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NEW YORK (Reuters Health) - Middle-aged and older adults who had increased access to recreational facilities near their homes had a slower decline in physical activity levels over time, in a new study.
Other studies have looked at the link between recreational facilities and activity levels. But the new research also investigated how people's exercise habits changed as more places to swim, bike and play sports were added to their neighborhood.
"Our work suggests that increasing the availability of recreational facilities in neighborhoods can support adults in maintaining or increasing their physical activity levels," lead author Yamini Ranchod told Reuters Health in an email.
Ranchod is a researcher at the University of California, Berkeley School of Public Health.
She and her colleagues used data from a long-term study of ethnically-diverse adults who lived in a variety of U.S. cities including New York, Chicago and Los Angeles.
Researchers surveyed the 6,168 participants about their physical activity levels in 2000-2002, when they were 45 to 84 years old. Follow-up visits took place about a year and a half and three years later.
The researchers determined how many recreational facilities - like gyms, yoga studios, aquatic centers and tennis courts - were available within one mile of each participant's home.
Then they looked for any variation in people's activity levels over time as the number of facilities in their neighborhood changed.
At the beginning of the study, the researchers found people who lived in areas with more recreational facilities generally were more active.
They also found that although most people exercised less as time went on, declines were less pronounced for those living in neighborhoods where the number of recreational facilities increased.
In areas with the most new facilities, declines in physical activity were almost eliminated, according to findings published in the American Journal of Epidemiology.
Although the study doesn't prove building recreational facilities causes people to become more active, it shows that a correlation exists.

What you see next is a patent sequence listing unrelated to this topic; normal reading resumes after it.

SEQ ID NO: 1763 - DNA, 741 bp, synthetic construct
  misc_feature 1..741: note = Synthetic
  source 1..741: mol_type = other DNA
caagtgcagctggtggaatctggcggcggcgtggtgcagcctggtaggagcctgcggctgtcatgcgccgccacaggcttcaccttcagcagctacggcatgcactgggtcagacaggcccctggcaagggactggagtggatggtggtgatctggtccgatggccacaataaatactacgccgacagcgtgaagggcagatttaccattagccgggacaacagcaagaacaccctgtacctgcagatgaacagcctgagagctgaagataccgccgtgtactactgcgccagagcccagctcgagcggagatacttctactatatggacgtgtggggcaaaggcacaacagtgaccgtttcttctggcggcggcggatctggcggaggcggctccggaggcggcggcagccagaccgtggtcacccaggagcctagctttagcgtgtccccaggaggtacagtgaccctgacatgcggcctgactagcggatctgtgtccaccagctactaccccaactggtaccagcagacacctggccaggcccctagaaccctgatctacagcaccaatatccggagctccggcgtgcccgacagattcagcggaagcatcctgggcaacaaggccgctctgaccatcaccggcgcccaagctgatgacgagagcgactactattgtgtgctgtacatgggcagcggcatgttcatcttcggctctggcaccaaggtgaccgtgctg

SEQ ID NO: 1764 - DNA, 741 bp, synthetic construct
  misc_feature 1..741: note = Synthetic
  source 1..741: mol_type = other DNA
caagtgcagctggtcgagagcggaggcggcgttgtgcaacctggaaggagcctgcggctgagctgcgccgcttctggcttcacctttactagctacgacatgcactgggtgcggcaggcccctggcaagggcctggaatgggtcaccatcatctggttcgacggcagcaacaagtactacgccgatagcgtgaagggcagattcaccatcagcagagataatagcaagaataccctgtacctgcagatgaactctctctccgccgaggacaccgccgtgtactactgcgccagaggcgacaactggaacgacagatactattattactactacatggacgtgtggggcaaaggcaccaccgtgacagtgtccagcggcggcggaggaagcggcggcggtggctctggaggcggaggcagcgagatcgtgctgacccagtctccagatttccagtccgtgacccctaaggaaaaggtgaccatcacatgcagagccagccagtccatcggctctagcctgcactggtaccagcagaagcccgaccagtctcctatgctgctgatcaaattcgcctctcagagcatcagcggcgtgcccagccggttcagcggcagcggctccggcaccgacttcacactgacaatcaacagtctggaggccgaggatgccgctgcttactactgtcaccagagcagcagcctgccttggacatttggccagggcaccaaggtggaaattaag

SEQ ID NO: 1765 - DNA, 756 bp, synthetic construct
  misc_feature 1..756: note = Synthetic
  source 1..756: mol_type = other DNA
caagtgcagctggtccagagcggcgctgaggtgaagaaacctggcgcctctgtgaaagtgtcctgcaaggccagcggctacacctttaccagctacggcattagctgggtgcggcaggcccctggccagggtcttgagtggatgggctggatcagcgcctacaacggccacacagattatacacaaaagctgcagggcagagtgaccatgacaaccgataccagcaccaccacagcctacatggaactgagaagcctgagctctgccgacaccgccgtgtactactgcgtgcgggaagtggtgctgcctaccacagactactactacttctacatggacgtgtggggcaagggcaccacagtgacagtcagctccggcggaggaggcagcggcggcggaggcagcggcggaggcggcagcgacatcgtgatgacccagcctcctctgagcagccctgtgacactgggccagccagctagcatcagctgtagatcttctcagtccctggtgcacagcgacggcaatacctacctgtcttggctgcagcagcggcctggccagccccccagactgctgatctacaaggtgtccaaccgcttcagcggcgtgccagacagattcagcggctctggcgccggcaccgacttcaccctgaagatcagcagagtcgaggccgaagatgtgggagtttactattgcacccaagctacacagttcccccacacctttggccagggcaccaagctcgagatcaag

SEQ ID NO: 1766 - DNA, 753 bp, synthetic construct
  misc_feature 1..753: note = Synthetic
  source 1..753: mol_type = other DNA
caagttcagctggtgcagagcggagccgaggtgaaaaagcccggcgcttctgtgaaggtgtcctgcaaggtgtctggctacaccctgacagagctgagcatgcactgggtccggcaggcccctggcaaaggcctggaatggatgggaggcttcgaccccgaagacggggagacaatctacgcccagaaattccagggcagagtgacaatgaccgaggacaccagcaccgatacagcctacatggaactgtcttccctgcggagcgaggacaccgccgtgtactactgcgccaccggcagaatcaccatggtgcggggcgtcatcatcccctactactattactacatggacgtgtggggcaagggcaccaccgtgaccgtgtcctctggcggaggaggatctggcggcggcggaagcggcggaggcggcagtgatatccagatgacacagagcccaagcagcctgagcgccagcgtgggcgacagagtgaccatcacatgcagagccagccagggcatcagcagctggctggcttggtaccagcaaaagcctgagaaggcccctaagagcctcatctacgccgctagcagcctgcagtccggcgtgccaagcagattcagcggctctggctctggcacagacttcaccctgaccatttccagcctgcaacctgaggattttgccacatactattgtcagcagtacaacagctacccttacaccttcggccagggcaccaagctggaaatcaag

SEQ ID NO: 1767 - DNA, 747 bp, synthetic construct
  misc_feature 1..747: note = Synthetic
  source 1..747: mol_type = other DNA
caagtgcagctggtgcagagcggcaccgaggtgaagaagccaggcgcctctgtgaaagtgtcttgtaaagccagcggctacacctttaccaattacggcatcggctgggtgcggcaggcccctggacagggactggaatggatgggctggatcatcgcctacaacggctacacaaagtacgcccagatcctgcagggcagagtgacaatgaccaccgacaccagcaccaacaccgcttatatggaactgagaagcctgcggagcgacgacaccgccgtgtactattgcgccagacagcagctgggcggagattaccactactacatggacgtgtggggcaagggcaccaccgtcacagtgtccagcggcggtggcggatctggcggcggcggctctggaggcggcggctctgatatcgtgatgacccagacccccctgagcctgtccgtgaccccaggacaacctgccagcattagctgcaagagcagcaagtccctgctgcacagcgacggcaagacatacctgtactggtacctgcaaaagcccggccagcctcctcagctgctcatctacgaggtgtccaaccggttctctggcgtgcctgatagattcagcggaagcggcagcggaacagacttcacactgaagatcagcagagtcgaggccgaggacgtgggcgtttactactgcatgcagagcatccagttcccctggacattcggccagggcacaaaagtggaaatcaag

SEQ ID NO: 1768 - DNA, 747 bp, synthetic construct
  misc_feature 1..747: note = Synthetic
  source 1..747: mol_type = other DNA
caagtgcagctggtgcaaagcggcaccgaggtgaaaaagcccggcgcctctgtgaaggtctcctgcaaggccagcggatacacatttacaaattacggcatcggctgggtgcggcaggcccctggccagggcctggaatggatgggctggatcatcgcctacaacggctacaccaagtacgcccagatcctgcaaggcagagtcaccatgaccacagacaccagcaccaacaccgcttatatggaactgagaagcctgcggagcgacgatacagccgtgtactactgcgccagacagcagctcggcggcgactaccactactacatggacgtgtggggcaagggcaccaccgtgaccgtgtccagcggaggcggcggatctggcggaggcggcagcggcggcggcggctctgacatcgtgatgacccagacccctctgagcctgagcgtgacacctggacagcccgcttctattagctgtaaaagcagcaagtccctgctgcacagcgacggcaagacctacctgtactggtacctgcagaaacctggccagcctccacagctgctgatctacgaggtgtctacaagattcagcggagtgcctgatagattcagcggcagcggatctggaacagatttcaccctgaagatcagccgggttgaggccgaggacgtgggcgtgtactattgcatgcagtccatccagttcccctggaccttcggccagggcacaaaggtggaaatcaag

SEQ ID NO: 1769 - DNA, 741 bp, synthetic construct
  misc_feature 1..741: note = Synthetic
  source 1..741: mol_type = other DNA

This study is important because the majority of studies on this topic have been so-called cross-sectional, James Sallis told Reuters Health.
Sallis studies physical activity at San Diego State University in California and directs the Active Living Research program. He was not involved in the new study.
Cross-sectional studies look at one moment in time and can't detect changes in behavior over time. The main criticism of earlier studies is that it's possible active people simply chose to live in areas with more recreational opportunities. In that case, adding more facilities probably wouldn't affect their activity levels.
Since the new study looked at changes over time, Sallis believes it lends support to the idea that building more facilities improves the chances that older adults will maintain some level of activity.
"It's a signal that here's a way to have a long-term effect on whole communities by increasing the number of places for people to be active," Sallis said.
Even for people who don't live in communities with recreational facilities, there are ways to get exercise, he added.
"If you don't have recreation facilities, maybe you live in a place that has other destinations nearby. So you could get your physical activity by walking instead of driving - to do your shopping or walking your child to school. So there are certainly things you could do in your neighborhood if it's designed in a proper way," Sallis said.
Alternatively, people who live in neighborhoods that aren't conducive to walking can look for recreational facilities somewhere else, perhaps near where they work or volunteer.
SOURCE: bit.ly/IShlXK American Journal of Epidemiology, online November 13, 2013.